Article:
A Year of Bloody Repression Since Flogging of Raif Badawi

January 8, 2016

Raif Badawi with his kids.

One year after Raif Badawi was publicly flogged, he and many other activists across Saudi Arabia urgently need your support.

A year after the international outcry over his public flogging, Raif Badawi and dozens of activists remain in prison and at risk of cruel punishments in Saudi Arabia. More and more are being sentenced under a harsh counter-terrorism law, while Saudi Arabia’s allies shamelessly back the Kingdom’s repression in the name of the so-called ‘war on terror’. Join the fight back today – here are six ways you can demand action from Saudi Arabia.



1. Demand Raif Badawi’s immediate release

In May 2014, the Saudi Arabian government sentenced blogger Raif Badawi to 10 years in prison and 1,000 lashes, for the ‘crime’ of setting up an online forum to encourage social and public debate. On Friday 9 January 2015, Raif received the first 50 painful lashes. He hasn’t been flogged since, and Amnesty supporters across the world have continued to fight for his release.

Dr Abdullah al-Hamid, Waleed Abu al-Khair and Dr Mohammad al-Qahtani, ACPRA

2. Help free human rights lawyer Waleed Abu al-Khair

In July 2014, lawyer Waleed Abu al-Khair was jailed for 15 years under a cruel counter-terrorism law in Saudi Arabia. He has defended many peaceful activists, including Raif Badawi, and has challenged the widespread crackdown on human rights across the country.

Waleed is a prisoner of conscience, not a terrorist. Please join the call for his immediate and unconditional release – sign the petition today.


3. Tweet to save three young activists from execution

There are rising fears about the impending executions of three young Shi’a activists, Ali al-Nimr, Dawood al-Marhoon and Abdullah al-Zaher. They were all under 18 when they were arrested after taking part in anti-government rallies. All three have had grossly unfair trials and were sentenced to death based on ‘confessions’ they claim were extracted under torture. Ali al-Nimr is the nephew of Sheikh Nimr al-Nimr, the prominent Shi’a Muslim cleric who was executed alongside 46 other people on 2 January 2016.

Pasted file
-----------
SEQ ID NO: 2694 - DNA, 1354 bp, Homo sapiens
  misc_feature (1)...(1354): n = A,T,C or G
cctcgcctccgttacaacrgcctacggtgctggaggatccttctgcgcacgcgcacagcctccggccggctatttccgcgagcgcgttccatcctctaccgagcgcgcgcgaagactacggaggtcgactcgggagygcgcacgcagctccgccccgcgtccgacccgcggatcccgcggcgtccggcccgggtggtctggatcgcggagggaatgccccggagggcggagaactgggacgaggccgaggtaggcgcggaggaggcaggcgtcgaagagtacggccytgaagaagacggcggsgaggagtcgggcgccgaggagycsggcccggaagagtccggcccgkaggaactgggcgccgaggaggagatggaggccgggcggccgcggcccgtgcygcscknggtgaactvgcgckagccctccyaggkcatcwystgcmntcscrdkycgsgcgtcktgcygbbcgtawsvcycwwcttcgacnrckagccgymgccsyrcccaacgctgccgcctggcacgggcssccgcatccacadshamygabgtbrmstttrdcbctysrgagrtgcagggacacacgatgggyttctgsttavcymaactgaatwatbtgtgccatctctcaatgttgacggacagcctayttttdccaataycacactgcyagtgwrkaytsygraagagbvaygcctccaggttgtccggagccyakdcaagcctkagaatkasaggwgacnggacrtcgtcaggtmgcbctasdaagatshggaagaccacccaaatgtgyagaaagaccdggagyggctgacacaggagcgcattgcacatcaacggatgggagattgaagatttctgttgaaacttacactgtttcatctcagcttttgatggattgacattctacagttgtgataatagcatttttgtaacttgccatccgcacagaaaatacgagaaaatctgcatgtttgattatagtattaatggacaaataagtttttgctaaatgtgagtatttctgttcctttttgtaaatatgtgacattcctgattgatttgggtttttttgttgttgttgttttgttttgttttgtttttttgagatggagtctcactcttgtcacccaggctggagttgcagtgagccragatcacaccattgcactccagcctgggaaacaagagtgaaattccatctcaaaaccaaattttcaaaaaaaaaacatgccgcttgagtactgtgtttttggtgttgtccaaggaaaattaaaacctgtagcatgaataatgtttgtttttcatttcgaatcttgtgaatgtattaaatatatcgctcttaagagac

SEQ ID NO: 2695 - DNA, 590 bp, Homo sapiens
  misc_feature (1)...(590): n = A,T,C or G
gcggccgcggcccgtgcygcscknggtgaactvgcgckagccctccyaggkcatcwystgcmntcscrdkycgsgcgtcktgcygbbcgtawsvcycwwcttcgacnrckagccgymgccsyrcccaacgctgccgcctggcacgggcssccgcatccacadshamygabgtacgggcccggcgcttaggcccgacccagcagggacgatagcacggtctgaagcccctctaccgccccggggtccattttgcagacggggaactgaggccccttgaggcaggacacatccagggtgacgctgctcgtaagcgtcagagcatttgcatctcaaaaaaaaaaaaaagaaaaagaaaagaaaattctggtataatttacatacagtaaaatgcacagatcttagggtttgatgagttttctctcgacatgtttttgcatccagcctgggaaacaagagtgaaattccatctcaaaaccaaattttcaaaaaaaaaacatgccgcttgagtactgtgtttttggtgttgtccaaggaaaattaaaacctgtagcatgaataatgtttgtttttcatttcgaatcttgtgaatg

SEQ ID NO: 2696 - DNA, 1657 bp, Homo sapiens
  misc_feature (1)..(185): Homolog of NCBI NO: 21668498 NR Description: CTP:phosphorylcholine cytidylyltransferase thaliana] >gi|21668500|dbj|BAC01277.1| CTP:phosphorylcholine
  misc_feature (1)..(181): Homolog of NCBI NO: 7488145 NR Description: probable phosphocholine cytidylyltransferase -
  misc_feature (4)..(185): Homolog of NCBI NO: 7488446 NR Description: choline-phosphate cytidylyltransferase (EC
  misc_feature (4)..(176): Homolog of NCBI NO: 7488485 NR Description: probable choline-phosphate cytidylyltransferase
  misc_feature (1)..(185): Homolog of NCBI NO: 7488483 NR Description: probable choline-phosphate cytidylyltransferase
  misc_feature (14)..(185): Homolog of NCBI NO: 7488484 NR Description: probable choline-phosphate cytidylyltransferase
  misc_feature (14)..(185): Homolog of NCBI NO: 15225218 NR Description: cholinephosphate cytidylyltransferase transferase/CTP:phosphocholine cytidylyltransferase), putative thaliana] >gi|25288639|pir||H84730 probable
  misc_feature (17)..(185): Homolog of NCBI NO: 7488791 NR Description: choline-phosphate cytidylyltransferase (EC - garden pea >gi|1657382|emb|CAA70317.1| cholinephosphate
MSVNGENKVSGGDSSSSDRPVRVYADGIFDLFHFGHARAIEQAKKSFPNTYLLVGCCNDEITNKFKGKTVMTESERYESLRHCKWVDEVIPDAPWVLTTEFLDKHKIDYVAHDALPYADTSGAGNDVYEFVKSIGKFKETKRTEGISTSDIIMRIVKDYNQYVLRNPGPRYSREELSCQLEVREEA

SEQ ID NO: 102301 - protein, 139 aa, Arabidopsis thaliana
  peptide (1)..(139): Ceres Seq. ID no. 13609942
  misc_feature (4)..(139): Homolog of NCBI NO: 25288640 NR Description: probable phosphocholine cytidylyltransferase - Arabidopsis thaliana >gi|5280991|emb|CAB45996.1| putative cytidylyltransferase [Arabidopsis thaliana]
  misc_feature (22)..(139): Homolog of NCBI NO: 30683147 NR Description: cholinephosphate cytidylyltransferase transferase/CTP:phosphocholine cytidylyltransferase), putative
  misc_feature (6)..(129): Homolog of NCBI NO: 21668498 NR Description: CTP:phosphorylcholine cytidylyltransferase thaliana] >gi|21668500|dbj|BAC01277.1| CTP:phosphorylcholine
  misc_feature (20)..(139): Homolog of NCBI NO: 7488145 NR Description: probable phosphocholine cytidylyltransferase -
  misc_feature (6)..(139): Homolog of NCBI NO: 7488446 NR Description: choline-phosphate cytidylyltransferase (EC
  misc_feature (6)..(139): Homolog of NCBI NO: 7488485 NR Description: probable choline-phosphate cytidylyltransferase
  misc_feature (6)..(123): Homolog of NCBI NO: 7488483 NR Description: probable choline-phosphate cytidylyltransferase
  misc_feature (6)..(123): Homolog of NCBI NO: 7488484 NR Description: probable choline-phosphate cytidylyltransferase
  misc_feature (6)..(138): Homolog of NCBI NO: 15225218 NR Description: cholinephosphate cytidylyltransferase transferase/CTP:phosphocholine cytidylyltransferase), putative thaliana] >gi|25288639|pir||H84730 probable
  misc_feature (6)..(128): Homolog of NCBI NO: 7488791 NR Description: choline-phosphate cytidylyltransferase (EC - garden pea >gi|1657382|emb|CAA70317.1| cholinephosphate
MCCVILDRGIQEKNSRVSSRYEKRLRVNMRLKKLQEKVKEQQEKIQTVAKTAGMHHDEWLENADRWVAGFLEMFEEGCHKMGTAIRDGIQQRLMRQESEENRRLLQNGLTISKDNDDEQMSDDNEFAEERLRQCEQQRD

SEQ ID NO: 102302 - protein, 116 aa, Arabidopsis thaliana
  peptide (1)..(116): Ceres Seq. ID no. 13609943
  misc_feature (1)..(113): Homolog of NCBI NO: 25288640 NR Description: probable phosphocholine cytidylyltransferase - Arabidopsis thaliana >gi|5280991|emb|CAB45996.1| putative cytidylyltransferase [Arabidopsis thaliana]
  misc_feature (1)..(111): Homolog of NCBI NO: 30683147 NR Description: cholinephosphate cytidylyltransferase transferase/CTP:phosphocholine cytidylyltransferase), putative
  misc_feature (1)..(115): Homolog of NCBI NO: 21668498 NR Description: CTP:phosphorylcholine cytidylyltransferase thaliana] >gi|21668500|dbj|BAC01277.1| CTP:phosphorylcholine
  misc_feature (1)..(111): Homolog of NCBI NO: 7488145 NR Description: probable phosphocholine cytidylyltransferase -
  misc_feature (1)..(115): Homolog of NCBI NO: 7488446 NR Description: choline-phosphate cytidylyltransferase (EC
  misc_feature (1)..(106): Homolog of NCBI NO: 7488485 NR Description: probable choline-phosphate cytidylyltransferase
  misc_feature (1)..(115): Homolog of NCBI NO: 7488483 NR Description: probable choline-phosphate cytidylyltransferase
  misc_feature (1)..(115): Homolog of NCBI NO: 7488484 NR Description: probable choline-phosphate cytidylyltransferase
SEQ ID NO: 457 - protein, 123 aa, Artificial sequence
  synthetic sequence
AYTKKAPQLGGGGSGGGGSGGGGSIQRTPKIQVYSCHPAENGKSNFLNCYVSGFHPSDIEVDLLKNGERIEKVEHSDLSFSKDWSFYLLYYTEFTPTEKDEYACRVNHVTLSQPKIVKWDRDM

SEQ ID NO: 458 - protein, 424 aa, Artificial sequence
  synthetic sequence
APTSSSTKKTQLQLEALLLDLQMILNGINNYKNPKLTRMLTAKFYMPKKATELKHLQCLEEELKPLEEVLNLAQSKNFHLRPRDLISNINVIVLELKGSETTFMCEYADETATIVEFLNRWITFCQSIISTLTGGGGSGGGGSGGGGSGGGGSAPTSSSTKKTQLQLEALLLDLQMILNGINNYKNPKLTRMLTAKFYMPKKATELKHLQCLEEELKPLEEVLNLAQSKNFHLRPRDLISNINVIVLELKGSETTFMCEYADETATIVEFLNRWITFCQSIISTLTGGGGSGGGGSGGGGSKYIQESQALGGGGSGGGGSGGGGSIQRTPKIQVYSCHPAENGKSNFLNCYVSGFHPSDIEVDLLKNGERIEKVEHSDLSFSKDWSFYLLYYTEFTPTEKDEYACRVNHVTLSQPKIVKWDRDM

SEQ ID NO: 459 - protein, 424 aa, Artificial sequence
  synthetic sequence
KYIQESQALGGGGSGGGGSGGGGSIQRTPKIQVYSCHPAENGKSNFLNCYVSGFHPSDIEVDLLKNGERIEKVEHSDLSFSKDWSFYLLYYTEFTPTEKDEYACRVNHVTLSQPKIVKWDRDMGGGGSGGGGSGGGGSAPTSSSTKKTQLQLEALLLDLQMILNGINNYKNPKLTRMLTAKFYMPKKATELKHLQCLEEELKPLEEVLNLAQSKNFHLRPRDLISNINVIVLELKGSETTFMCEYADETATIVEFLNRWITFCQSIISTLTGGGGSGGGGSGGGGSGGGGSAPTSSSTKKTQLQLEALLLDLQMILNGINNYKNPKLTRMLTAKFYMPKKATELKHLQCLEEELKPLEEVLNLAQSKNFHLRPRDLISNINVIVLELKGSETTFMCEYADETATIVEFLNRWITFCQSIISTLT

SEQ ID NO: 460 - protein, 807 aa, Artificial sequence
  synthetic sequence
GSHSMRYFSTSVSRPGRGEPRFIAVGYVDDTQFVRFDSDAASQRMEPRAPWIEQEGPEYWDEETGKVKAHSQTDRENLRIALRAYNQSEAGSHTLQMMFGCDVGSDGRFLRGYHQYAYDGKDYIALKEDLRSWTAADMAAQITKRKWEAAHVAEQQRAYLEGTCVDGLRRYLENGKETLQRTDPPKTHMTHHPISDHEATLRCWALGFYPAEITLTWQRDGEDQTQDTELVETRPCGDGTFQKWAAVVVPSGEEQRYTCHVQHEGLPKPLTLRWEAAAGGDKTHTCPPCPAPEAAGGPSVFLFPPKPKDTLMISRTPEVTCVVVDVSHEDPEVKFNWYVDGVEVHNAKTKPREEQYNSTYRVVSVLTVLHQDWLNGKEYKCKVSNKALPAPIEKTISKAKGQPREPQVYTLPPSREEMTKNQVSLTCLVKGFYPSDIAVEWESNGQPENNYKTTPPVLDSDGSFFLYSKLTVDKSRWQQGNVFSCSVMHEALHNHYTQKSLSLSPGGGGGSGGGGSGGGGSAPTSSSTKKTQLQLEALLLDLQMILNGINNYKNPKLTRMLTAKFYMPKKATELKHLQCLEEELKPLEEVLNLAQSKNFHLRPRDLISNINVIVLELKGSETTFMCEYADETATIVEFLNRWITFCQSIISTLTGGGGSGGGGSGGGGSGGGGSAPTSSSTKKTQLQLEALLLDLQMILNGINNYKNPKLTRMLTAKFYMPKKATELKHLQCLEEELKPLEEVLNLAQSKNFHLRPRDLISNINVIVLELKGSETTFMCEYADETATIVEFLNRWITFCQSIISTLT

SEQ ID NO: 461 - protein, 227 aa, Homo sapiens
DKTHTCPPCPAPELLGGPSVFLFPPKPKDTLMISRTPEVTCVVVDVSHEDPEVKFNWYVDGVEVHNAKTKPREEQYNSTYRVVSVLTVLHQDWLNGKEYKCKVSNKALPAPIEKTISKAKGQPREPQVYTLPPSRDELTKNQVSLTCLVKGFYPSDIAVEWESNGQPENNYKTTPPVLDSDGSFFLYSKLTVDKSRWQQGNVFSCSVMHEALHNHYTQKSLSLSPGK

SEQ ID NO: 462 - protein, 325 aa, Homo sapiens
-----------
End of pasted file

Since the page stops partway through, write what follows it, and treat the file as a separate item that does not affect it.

Human rights defenders Dr Abdulrahman al-Hamid (far left) and Dr Abdulkareem al-Khoder (third right) with other members and supporters of the Saudi Civil and Political Rights Association (ACPRA).
Human rights defenders Dr Abdulrahman al-Hamid (far left) and Dr Abdulkareem al-Khoder (third right) with other members and supporters of the Saudi Civil and Political Rights Association (ACPRA).

4. Demand the release of peaceful human rights activists

Saudi Arabia continues to ban independent human rights associations and jail founding members. Human rights defenders Dr Abdulrahman al-Hamid and Dr Abdulkareem al-Khoder were recently sentenced to nine and 10 years in prison respectively after blatantly unfair trials at the Kingdom’s notorious counter-terror court. The pair were founding members of the now disbanded independent Saudi Civil and Political Rights Association (ACPRA). Eight other members of ACPRA are either already behind bars or still on trial for calling for political and human rights reform.

Demonstration Raif Badawi Berne, Switzerland

5. Get your government to pressure Saudi Arabia

Your government should be doing all it can to make Saudi Arabia do the right thing. Tweet your government’s official accounts (for example, your Ministry of Foreign Affairs, or your country’s embassy in Saudi Arabia) and ask them to release Raif, Waleed and other peaceful human rights activists. USA: @USEmbassyRiyadh


6. Pressure Saudi Arabia’s embassy in your country

Search online for the phone or fax details of the Saudi Arabia embassy in your country, and call them up to demand change. For example, you could say: “I am calling to enquire about the case of Ali al-Nimr, the juvenile offender sentenced to death. I am very concerned about the fact that he is being held in solitary confinement and might be executed at any time.” We know this can be a particularly effective (and annoying) form of campaigning.